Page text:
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" An XML document is a database only in the strictest sense of the term. In many ways, this makes it no different from any other file -- after all, all files contain data of some sort. For example, it is self-describing (the markup describes the structure and type names of the data, although not the semantics), it is portable (Unicode), and it can describe data in tree or graph structures. For example, it is verbose and access to the data is slow due to parsing and text conversion.A more useful question to ask is whether XML and its surrounding technologies constitute a "database" in the looser sense of the term -- that is, a database management system (DBMS).On the other hand, suppose you have a Web site built from a number of prose-oriented XML documents.Not only do you want to manage the site, you would like to provide a way for users to search its contents.The answer to this question is, "Sort of." On the plus side, XML provides many of the things found in databases: storage (XML documents), schemas (DTDs, XML Schemas, RELAX NG, and so on), query languages (XQuery, XPath, XQL, XML-QL, QUILT, etc.), programming interfaces (SAX, DOM, JDOM), and so on.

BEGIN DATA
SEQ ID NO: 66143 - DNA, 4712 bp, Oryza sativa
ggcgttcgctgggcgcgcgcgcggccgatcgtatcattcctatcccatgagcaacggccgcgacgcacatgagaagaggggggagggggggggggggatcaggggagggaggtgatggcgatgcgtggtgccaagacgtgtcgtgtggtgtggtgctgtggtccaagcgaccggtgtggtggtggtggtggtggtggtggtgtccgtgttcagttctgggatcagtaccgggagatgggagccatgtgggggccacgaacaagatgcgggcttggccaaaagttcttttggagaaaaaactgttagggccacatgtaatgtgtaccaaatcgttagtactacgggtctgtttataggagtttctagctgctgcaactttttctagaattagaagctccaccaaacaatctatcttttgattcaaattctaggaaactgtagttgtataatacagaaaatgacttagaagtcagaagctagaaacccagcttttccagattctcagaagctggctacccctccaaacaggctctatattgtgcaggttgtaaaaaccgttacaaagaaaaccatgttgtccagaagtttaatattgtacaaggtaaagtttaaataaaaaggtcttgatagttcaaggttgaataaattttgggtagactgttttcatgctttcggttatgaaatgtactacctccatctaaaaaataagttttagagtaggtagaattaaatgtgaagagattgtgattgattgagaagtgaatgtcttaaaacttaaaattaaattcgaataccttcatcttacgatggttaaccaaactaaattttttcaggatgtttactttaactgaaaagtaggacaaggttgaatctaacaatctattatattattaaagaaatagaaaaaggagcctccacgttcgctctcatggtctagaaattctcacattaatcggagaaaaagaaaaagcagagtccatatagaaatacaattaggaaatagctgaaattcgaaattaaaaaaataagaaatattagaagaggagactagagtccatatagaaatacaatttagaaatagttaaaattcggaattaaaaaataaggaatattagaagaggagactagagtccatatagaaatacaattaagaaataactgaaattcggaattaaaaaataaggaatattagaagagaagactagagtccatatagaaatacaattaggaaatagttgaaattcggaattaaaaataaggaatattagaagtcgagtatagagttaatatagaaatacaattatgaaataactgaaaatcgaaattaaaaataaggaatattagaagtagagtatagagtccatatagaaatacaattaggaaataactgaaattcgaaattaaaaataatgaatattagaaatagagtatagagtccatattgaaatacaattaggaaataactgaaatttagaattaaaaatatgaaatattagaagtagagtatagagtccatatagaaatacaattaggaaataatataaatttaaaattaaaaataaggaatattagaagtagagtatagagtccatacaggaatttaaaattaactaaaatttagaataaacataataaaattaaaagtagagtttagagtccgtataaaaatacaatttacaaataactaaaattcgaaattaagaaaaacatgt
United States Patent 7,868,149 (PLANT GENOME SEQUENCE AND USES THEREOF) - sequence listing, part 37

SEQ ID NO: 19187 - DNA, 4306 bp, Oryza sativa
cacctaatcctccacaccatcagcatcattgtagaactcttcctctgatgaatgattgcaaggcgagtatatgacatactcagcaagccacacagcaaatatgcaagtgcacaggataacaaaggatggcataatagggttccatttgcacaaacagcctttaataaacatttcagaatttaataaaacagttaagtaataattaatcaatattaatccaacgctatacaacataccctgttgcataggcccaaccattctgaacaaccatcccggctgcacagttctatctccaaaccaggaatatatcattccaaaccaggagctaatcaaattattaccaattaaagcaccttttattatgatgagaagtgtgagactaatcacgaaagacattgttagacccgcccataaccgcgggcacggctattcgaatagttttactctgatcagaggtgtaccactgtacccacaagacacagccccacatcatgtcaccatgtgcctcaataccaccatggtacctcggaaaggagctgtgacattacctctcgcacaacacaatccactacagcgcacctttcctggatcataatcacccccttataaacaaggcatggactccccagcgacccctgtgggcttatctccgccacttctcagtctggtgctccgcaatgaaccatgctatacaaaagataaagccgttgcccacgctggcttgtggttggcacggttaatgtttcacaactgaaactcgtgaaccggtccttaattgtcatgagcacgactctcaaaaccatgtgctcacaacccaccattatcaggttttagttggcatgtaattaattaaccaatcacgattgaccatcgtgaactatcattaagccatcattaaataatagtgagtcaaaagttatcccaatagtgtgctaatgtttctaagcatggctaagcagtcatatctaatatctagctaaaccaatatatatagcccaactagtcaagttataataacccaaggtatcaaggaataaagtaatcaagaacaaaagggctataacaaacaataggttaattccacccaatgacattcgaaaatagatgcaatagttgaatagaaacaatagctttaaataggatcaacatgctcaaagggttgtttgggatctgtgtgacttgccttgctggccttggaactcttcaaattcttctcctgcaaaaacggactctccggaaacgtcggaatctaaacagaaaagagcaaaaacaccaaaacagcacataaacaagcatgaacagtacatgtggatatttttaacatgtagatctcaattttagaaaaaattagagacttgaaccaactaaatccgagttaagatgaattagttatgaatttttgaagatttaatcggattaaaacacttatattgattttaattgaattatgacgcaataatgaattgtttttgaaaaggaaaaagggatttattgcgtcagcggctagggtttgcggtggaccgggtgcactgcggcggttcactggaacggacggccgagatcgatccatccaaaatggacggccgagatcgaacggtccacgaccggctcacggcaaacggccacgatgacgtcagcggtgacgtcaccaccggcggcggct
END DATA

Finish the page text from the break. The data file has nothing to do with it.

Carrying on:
In addition, XML allows you to have nested entries, something that is harder to do in comma-delimited files.The answers to these questions will strongly influence your choice of database and middleware (if any), as well as how you use that database.For example, suppose you have an e-commerce application that uses XML as a data transport.It is a good bet that your data has a highly regular structure and is used by non-XML applications.Furthermore, things like entities and the encodings used by XML documents probably aren't important to you -- after all, you are interested in the data, not how it is stored in an XML document.